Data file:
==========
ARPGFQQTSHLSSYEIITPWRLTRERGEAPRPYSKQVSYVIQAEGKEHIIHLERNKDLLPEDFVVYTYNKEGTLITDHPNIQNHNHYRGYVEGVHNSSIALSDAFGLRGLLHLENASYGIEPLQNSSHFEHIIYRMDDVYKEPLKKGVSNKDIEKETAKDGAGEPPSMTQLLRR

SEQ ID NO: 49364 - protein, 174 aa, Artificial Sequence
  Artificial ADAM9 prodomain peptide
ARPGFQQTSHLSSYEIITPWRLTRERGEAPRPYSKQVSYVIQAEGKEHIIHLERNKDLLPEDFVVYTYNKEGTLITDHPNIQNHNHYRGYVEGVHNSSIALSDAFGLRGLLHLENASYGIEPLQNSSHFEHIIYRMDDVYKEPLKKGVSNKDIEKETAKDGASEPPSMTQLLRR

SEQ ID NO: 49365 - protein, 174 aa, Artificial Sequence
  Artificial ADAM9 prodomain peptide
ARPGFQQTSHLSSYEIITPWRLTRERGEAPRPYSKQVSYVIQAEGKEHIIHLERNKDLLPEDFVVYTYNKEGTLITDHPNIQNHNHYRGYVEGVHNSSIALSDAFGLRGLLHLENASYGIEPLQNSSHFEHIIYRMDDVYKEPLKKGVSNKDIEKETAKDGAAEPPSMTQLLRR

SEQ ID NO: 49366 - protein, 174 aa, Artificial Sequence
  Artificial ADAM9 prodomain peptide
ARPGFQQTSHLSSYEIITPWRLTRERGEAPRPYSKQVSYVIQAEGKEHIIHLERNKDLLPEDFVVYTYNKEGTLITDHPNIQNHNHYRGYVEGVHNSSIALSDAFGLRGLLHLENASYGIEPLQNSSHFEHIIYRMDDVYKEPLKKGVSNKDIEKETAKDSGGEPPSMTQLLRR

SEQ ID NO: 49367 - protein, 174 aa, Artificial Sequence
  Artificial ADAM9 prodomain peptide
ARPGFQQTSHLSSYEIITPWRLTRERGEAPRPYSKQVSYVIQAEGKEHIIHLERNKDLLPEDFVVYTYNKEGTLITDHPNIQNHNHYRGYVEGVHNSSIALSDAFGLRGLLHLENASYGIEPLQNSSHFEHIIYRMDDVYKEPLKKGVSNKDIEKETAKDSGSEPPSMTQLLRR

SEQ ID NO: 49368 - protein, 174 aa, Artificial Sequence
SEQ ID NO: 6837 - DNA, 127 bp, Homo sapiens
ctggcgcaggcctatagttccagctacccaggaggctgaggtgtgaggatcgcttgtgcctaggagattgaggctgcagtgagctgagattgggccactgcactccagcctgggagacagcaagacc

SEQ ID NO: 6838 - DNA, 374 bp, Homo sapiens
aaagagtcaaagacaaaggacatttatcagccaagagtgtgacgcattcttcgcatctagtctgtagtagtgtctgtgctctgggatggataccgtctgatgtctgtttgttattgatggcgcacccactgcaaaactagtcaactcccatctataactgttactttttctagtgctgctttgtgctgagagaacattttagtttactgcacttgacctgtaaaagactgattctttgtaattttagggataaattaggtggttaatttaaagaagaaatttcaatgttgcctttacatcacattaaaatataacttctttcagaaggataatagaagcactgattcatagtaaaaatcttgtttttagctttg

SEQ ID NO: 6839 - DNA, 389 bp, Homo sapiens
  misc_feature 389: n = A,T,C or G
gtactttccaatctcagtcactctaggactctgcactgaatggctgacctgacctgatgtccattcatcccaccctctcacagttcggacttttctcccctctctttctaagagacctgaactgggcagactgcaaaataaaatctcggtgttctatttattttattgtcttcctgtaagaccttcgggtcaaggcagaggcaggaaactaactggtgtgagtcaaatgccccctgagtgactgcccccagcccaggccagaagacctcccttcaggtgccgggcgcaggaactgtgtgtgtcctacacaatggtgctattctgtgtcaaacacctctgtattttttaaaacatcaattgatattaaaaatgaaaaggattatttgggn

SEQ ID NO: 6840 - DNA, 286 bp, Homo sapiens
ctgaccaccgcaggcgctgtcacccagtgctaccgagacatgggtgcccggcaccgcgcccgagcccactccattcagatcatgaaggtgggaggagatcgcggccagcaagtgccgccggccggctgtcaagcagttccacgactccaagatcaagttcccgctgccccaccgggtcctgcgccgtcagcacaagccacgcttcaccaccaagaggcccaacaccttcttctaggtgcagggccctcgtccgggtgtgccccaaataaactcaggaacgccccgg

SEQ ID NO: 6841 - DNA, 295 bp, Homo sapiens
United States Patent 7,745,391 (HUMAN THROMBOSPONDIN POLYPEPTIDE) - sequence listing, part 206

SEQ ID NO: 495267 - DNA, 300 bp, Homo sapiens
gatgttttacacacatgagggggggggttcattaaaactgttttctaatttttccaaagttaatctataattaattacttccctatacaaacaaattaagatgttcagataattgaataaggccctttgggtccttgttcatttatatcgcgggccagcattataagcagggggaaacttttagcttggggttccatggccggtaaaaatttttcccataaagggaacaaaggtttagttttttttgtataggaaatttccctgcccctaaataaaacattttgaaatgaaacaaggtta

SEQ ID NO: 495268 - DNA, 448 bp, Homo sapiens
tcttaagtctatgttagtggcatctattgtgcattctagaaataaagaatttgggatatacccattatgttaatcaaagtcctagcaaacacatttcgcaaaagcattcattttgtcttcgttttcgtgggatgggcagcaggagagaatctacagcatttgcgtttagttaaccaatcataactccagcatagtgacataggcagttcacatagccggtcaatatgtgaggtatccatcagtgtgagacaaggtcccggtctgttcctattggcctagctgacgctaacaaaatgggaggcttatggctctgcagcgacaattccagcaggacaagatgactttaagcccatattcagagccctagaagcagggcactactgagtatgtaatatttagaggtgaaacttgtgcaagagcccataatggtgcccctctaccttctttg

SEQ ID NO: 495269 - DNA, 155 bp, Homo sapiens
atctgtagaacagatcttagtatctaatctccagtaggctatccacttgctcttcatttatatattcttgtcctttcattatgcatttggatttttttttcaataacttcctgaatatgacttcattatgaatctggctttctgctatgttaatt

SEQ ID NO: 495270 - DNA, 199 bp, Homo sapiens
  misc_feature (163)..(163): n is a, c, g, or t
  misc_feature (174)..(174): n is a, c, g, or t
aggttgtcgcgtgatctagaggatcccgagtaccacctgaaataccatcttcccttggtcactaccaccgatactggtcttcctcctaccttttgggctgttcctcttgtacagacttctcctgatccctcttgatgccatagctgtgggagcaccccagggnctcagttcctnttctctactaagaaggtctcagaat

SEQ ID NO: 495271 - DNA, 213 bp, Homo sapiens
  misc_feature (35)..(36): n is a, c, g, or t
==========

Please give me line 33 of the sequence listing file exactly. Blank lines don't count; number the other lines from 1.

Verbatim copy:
  misc_feature (163)..(163): n is a, c, g, or t